Mayor Fulop Protects Freelance Workers' Rights

Mayor Fulop Aims to Protect Freelance Workers' Rights

Jersey City Will be First in New Jersey to Guarantee Rights for Independent Workers 


JERSEY CITY – Mayor Steven M. Fulop has proposed an ordinance that would protect Jersey City’s freelance workers from late payments or uncertain terms of agreement, in an effort to encourage the continued growth of the City’s population of non-traditional workers. The recent expansion of the City’s business community has brought about more opportunities for freelance workers across all industries, some of whom have been negatively impacted by informal agreements or long wait periods for payment. The proposed ordinance aims to give these workers the right to a written contract and the right to be paid in a timely manner. 


“There is no denying that our economy is changing how, when, and where people work. As a City, we are thinking about these changes and what can be done to ensure that freelance and independent workers can continue to thrive here,” said Mayor Fulop. “As the first City in New Jersey to enact a law protecting freelance workers, I hope we can serve as a reminder that freelance work is not free, and that these workers enhance our economy and deserve fair treatment and protection.”


The ordinance will impact any freelance worker who provides more than $500 worth of services to a person or company engaged in commercial or business activities within Jersey City. A contract will now be required between the two parties, which must also specify a date of payment. Payment will now be required within thirty days of completion of service, according to the proposed ordinance. 


“There's nothing more demoralizing than having to chase payments after working hard to meet the client's requirements and deadlines. Even with a contract it happens regularly. As a freelancer, you can't take on as much work as an agency can, so it limits your options to weather cash flow issues. Jersey City protecting workers with with these additional safeguards helps make freelance work a real and viable alternative to conventional employment,” said Carlos Abreu, a local freelance worker and CTO-to-Go, who has advocated for the ordinance.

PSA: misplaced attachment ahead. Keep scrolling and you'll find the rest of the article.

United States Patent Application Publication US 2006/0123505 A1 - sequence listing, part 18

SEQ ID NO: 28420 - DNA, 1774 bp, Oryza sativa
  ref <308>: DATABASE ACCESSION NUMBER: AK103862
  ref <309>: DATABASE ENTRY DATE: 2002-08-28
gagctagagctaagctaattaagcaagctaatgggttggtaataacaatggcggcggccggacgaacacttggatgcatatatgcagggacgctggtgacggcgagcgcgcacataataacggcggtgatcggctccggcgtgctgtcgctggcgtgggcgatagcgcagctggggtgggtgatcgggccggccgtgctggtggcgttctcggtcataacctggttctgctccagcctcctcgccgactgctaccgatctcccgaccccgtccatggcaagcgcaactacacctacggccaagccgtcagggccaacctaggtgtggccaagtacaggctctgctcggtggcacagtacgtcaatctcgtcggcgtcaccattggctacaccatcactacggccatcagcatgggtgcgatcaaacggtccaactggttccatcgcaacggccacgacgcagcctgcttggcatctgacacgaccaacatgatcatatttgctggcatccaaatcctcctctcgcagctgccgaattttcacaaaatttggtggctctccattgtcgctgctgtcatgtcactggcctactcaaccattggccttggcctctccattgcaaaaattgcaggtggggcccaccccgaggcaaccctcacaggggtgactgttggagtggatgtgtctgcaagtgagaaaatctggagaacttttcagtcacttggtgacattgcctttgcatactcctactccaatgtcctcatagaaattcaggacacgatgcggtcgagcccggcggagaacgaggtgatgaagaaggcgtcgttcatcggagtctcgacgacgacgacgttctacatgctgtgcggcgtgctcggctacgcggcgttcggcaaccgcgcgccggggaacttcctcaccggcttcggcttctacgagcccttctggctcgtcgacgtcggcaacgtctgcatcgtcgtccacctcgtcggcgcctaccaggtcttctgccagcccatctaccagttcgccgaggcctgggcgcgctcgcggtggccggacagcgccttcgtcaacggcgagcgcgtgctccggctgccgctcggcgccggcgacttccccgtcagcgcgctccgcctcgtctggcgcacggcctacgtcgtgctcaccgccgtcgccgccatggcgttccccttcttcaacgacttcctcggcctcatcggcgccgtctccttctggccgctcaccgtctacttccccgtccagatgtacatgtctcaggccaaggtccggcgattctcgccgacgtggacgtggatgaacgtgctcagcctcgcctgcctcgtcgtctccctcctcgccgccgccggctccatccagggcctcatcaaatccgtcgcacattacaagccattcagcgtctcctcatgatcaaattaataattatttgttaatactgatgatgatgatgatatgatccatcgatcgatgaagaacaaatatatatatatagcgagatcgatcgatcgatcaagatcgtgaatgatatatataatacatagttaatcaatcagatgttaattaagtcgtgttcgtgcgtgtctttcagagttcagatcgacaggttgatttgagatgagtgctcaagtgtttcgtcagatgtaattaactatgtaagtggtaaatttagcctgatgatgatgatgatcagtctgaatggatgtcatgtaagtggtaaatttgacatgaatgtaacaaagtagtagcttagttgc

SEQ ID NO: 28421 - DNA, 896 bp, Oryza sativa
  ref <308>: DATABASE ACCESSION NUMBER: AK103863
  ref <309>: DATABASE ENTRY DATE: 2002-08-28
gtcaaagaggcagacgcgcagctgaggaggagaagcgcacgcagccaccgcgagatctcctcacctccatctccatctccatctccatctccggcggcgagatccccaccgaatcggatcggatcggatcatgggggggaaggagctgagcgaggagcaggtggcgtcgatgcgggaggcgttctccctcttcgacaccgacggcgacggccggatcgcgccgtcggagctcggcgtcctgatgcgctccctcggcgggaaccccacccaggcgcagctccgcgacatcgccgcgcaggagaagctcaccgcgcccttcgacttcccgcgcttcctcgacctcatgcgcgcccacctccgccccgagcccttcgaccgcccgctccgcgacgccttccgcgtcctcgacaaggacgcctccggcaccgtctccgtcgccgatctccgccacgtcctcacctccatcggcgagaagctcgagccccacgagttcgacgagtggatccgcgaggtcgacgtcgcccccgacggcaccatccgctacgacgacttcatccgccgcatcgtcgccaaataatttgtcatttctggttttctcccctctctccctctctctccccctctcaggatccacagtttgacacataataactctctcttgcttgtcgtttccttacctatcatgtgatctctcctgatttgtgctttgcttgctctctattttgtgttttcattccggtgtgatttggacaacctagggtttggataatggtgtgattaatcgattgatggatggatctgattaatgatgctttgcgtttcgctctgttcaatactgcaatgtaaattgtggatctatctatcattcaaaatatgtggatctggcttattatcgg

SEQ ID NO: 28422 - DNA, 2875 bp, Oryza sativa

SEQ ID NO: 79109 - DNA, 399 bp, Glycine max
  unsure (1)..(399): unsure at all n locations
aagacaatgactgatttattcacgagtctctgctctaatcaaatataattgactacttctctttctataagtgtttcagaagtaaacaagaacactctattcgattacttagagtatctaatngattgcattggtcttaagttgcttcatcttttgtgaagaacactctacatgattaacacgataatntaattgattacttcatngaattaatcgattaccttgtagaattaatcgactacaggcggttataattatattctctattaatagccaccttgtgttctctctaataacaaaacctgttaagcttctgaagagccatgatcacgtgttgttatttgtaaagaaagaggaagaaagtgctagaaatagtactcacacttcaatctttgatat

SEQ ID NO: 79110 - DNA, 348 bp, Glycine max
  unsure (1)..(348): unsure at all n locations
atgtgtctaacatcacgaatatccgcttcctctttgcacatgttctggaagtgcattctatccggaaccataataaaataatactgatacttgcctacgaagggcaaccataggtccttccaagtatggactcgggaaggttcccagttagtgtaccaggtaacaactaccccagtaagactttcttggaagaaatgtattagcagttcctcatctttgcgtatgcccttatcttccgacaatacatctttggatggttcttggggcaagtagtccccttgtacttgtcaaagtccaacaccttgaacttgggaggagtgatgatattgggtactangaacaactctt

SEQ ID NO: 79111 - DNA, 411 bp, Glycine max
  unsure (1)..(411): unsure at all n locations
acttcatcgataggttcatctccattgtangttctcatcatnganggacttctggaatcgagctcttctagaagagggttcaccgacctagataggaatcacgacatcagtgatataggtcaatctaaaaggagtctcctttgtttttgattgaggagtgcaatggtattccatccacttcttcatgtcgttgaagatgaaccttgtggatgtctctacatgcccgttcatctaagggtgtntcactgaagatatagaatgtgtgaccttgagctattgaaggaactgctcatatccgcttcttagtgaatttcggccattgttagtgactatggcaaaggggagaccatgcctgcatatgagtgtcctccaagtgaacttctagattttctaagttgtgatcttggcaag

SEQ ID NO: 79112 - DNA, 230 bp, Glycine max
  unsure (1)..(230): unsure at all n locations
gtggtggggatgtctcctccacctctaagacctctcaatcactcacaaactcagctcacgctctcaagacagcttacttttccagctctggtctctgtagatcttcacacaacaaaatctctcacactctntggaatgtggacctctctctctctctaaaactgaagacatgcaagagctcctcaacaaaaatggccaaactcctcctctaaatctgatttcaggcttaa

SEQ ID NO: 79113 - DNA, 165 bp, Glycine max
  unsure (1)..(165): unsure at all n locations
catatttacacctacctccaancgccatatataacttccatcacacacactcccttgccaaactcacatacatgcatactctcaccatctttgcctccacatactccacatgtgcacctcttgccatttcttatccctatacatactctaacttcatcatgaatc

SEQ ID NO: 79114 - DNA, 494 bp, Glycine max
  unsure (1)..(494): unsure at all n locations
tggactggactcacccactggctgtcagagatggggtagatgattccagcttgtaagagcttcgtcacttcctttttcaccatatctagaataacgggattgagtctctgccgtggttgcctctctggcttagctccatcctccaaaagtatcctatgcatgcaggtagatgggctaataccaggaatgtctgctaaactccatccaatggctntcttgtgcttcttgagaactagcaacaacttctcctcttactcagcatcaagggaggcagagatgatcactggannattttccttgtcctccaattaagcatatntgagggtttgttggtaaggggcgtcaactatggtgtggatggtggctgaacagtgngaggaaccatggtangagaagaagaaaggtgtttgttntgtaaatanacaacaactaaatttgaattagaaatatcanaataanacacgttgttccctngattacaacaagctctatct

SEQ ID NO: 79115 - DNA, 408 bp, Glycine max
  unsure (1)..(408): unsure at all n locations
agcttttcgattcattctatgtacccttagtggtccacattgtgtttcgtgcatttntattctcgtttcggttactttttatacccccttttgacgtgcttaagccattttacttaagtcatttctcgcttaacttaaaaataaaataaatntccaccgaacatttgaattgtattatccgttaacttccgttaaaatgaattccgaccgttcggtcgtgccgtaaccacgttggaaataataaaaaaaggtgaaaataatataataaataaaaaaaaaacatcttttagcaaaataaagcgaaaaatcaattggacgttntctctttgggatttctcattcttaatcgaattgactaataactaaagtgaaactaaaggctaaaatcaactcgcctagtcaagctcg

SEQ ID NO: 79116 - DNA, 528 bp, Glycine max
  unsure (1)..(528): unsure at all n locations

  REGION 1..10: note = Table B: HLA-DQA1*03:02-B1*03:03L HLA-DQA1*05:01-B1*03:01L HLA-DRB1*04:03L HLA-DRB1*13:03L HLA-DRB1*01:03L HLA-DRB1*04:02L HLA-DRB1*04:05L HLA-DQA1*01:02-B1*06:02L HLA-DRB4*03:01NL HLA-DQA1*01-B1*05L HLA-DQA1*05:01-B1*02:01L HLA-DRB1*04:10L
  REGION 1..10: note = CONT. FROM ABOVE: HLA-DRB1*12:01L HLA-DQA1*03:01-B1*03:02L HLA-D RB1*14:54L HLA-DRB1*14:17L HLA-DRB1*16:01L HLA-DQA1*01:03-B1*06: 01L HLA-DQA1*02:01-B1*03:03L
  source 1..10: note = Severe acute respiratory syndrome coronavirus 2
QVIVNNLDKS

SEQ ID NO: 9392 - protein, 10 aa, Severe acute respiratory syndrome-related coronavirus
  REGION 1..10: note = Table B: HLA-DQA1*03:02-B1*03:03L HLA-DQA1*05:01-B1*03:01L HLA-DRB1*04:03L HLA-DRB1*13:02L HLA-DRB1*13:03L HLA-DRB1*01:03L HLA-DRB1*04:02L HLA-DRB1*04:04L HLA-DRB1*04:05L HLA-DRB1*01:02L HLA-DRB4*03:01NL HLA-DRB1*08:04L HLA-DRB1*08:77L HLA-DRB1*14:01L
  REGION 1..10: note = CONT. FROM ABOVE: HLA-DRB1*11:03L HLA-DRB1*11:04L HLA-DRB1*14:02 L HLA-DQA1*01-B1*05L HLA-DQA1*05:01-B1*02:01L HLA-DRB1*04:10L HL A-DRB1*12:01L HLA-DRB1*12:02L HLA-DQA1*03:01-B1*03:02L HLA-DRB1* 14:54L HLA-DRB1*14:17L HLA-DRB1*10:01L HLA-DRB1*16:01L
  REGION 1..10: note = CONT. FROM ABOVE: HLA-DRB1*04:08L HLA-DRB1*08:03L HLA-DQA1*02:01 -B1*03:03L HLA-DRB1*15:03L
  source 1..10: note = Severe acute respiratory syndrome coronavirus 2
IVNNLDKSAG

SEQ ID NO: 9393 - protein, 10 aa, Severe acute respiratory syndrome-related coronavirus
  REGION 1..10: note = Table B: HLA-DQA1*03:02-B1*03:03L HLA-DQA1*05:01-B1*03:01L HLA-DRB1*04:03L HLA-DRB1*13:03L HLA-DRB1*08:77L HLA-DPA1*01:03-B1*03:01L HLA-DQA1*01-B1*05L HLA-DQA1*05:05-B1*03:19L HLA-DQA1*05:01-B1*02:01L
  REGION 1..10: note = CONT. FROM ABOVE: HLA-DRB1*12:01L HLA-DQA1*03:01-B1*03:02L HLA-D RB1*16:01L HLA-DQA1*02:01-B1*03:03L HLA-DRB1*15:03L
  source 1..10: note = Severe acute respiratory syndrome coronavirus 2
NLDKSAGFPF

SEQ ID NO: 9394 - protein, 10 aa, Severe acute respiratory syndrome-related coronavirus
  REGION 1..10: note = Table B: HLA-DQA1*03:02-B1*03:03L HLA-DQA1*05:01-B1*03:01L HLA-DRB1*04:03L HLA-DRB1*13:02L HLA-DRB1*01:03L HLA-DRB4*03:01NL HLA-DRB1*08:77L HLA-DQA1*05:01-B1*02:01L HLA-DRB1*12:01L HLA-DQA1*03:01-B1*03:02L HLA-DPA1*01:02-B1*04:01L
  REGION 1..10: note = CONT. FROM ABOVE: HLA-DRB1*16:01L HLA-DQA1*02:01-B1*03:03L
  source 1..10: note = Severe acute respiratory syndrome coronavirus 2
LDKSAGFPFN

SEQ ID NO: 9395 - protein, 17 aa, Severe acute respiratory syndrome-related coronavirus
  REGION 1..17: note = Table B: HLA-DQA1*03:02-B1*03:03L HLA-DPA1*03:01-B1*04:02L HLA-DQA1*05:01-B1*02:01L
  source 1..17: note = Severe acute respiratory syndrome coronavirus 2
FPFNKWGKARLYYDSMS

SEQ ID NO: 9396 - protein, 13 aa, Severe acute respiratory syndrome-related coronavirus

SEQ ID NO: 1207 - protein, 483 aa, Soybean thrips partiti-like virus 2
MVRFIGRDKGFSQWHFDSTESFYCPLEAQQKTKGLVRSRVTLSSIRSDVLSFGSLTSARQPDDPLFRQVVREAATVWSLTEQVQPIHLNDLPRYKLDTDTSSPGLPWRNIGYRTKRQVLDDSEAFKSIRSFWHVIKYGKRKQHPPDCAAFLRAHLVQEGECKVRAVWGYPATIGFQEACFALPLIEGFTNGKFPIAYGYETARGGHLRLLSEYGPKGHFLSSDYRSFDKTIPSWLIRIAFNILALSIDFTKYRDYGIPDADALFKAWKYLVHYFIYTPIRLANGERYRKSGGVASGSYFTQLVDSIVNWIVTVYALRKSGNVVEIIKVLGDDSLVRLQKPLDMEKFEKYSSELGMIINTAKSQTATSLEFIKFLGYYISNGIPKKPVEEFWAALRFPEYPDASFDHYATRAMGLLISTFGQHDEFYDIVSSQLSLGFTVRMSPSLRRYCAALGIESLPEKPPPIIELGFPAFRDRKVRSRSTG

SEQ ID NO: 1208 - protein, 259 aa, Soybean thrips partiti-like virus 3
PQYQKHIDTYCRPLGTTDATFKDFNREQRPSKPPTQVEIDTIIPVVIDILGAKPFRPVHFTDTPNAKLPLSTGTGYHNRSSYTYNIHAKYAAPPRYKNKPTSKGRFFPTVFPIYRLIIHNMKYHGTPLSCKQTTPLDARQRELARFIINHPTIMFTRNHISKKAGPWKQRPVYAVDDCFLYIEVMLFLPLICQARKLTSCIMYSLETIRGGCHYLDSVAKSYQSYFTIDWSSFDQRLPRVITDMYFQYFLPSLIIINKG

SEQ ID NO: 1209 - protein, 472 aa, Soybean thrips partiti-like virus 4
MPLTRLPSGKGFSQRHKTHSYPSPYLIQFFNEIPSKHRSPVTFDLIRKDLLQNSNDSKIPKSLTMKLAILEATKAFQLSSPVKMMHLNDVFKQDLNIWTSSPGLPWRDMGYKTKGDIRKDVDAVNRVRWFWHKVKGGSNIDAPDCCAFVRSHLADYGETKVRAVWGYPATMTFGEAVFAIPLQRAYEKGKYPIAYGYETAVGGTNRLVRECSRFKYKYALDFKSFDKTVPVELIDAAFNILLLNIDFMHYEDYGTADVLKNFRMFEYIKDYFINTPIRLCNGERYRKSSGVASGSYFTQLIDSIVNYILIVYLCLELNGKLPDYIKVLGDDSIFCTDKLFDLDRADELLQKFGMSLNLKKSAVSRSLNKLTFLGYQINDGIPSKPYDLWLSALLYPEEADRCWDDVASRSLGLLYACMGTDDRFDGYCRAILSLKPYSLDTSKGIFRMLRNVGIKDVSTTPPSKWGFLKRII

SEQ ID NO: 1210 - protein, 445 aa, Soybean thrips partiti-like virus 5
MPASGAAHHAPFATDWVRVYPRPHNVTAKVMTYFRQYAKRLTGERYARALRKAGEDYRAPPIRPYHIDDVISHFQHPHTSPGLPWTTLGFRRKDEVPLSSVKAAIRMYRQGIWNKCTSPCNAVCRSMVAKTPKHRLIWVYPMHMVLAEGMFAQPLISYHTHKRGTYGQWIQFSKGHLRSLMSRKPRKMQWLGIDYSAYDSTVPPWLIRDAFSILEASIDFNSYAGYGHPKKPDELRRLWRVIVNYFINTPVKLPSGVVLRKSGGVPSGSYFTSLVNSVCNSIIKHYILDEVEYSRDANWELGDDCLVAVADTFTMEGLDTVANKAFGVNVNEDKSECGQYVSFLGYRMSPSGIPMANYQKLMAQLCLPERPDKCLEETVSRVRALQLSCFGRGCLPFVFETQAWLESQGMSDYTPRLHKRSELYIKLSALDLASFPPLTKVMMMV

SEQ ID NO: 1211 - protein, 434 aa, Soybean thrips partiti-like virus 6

Last year, New York City enacted a similar law to protect the large number of freelance workers operating in the City. Since then, independent and freelance workers in New York have recovered more than $250,000 in lost wages thanks to these protections. 


“New York’s ‘Freelance Isn’t Free Act’ is a great achievement for workers. It was a product of years of negotiation and union organization. The National Writers Union (NWU) worked closely with other unions to pass this bill in New York City, the first law to protect freelancers in the country. Today, freelancers represent one third of the work force in the US. It is terrific news that Jersey City, the city that I now call home, is in the process of passing this legislation as well. This is a big step for New Jersey workers and sets an example for the rest of the country,” said Mauricio Niebla, 3rd Vice President, National Writers Union, UAW local 1981.


The Fulop Administration has a history of advocating for workers rights throughout Jersey City and New Jersey. In 2013, Jersey City became the first in the state, and the sixth nationwide, to require local businesses to provide paid sick leave to employees. The Administration has also aimed to set an example by implementing progressive employee-focused policies that impact the City’s workforce, including providing transgender healthcare coverage and raising the minimum wage to $15/hour for municipal workers. 

  • Search